George Russell (p), Don Ellis, Thad Jones (tp), Dave Baker (tb), Eric Dolphy, John Pierce, Paul Plummer, Dave Young, John Gilmore (reeds), Steve Swallow, Chuck Israels (b), Joe Hunt, Pete LaRoca, Albert 'Tootie' Heath (d), Sheila Jordan (vcl)
Reference: FSRCD 848_4
Bar code: 8427328608480
This 4-CD box set contains all the Decca & Riverside albums recorded by the George Russell Sextet & Septet between 1960 and 1962 plus two live recordings: a 1960 concert at Music Inn, and a 1964 performance at the Newport Jazz Festival. Including a 36-page booklet with session details, photos, original art & liner notes.
-At the Five Spot (Decca DL 79220) 1960
-Stratusphunk (Riverside RS 9341) 1960
-In K.C. (Decca DL 74183) 1958
-Ezz-thetics (Riverside RS 9375) 1961
-The Stratus Seekers (Riverside RS 9412) 1961
-The Outer View (Riverside RS 9440) 1962
Already recognized as one of the most gifted and innovative jazz composers, in 1960 George Russell added a new string to his bow, as pianist and leader of a remarkably individual series of sextets which narrowed the gap between free-blowing jazz and written chamber jazz. All were cooperative ventures whose success was due as much to his ability to attract and stimulate men sympathetic to his musical goalsand to draw the utmost from themas to his gifts as composer and arranger. A pianist whose chord voicings still sound strikingly fresh, he had a way of accenting that, like Thelonious Monks, was totally unpredictable.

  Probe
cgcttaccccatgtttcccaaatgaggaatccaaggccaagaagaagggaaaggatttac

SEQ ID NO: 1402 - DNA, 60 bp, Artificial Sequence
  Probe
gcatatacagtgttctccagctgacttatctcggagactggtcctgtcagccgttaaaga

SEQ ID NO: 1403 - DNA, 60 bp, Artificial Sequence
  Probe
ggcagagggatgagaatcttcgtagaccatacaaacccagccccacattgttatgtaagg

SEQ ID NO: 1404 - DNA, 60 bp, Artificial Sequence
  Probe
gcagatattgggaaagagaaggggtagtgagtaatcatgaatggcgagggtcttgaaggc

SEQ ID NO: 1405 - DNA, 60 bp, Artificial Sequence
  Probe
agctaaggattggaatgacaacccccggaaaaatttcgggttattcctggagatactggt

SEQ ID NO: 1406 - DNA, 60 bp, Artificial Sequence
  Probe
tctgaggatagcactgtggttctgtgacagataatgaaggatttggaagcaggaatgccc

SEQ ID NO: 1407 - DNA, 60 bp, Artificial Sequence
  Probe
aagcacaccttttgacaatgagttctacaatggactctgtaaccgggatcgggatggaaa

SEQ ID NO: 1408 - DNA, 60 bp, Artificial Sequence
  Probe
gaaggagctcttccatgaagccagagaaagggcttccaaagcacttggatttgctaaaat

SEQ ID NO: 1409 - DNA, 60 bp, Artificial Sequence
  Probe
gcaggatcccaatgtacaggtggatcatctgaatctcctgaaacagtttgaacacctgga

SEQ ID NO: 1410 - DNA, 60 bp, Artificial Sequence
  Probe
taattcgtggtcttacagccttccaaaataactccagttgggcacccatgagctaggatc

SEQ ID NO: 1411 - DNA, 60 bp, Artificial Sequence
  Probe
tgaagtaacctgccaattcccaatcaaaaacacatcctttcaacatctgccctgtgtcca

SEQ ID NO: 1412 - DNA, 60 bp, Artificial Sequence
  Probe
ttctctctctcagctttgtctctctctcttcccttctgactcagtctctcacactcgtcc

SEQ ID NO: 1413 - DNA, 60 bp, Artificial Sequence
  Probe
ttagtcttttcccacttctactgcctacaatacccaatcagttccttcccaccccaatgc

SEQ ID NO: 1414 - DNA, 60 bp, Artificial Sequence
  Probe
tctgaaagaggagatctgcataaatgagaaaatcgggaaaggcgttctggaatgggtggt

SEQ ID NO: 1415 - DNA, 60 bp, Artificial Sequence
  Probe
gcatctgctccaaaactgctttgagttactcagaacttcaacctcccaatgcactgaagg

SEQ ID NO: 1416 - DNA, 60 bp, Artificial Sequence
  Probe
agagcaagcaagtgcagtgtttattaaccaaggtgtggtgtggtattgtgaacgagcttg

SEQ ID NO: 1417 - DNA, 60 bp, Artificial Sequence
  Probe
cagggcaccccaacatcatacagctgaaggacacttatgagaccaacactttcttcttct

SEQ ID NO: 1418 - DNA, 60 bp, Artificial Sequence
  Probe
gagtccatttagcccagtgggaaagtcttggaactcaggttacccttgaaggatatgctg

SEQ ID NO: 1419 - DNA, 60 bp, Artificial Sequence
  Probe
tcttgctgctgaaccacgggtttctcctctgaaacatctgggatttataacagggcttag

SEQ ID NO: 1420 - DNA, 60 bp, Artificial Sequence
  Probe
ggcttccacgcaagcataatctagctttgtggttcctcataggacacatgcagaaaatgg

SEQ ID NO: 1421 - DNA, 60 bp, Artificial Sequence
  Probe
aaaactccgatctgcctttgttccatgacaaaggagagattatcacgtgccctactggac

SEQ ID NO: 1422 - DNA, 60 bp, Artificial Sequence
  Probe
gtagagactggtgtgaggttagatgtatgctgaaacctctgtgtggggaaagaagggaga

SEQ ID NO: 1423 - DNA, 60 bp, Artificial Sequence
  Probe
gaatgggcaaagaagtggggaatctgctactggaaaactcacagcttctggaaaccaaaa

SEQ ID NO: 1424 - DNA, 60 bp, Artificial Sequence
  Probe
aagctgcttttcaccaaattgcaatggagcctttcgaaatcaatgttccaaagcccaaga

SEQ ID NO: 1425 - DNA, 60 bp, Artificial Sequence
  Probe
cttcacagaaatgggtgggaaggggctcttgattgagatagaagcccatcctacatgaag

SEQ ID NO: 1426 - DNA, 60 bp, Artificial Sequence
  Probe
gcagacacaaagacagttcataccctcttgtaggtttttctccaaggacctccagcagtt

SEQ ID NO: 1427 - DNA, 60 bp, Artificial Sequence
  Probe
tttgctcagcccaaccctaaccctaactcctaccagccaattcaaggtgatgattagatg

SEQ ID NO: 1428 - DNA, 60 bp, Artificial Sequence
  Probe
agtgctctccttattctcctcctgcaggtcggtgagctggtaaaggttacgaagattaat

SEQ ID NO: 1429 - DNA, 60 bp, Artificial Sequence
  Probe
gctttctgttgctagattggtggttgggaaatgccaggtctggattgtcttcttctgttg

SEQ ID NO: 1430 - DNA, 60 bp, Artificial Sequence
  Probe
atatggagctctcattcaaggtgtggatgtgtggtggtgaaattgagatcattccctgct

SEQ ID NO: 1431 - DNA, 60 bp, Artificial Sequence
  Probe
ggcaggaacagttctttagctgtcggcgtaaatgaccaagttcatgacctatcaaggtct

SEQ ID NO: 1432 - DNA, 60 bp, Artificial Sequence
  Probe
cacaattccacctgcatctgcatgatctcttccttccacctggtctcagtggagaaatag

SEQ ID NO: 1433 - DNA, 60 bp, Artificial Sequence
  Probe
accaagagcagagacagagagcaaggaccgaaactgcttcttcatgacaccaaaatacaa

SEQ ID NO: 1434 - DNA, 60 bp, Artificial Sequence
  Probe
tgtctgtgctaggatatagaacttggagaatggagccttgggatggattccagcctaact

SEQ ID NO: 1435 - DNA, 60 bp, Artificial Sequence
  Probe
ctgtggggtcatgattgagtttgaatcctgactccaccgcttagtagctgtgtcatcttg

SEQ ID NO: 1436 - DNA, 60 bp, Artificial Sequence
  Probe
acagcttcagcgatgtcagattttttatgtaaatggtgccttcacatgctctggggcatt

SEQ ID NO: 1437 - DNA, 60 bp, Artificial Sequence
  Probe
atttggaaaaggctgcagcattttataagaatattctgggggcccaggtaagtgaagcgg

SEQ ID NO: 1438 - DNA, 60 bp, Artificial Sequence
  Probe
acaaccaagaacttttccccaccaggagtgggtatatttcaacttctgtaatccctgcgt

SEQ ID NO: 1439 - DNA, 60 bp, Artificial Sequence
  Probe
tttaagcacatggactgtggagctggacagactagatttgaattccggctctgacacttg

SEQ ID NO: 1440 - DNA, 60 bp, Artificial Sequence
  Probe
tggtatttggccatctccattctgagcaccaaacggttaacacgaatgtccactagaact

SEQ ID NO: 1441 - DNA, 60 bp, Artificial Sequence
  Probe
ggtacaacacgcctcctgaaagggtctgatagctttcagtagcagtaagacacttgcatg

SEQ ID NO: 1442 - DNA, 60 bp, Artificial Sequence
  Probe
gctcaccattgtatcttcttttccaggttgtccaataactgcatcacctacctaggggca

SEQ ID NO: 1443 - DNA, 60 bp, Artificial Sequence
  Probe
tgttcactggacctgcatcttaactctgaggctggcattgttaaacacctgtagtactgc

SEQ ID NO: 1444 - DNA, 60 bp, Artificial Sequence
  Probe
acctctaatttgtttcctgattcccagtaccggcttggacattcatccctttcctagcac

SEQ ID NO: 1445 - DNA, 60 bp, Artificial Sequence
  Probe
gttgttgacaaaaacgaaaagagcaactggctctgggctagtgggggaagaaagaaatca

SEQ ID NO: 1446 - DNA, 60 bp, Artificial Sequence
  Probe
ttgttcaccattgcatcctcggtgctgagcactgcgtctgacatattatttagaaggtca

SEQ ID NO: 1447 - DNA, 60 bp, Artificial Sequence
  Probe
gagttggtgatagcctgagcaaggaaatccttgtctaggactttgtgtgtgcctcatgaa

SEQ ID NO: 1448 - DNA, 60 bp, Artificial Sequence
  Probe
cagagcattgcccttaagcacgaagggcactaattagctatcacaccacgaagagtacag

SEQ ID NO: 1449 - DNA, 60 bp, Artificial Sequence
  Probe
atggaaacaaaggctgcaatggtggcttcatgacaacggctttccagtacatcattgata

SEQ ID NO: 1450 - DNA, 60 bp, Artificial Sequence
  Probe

His original sextet had a hard-swinging rhythm section and three potent hornmen: fierce-toned trumpeter Al Kiger, gruff trombonist Dave Baker, and the intense tenor of Dave Young. In 1961 avant-gardist Don Ellis replaced Kiger, and although Eric Dolphy was the most flamboyant soloist in this set, others like trombonist Garnett Brown and saxophonists John Pierce (alto) and Paul Plummer (tenor), showed great promise.
Apart from some jazz standards, most pieces here are Russell originals, although Baker, Kiger and pianists Carla Bley and David Lahm, applying concepts acquired while they were studying under Russell at the Lenox Jazz School, also wrote for the group, which was filled with the most impressive and interesting fresh young talent around.
"While he did play the piano, George Russell is best known as a free thinking composer and arranger who changed the direction of jazz by using various unorthodox chordal patterns in his songs, setting the stage for the modal revolution later lead by Miles Davis, John Coltrane and Eric Dolphy. Here, youve got a set that find Russell at his most creative and exciting, with fantastically interesting booklet that include personnel listings, original liner notes, historical background and vintage pictures, so you get an eyeful as well as an earful.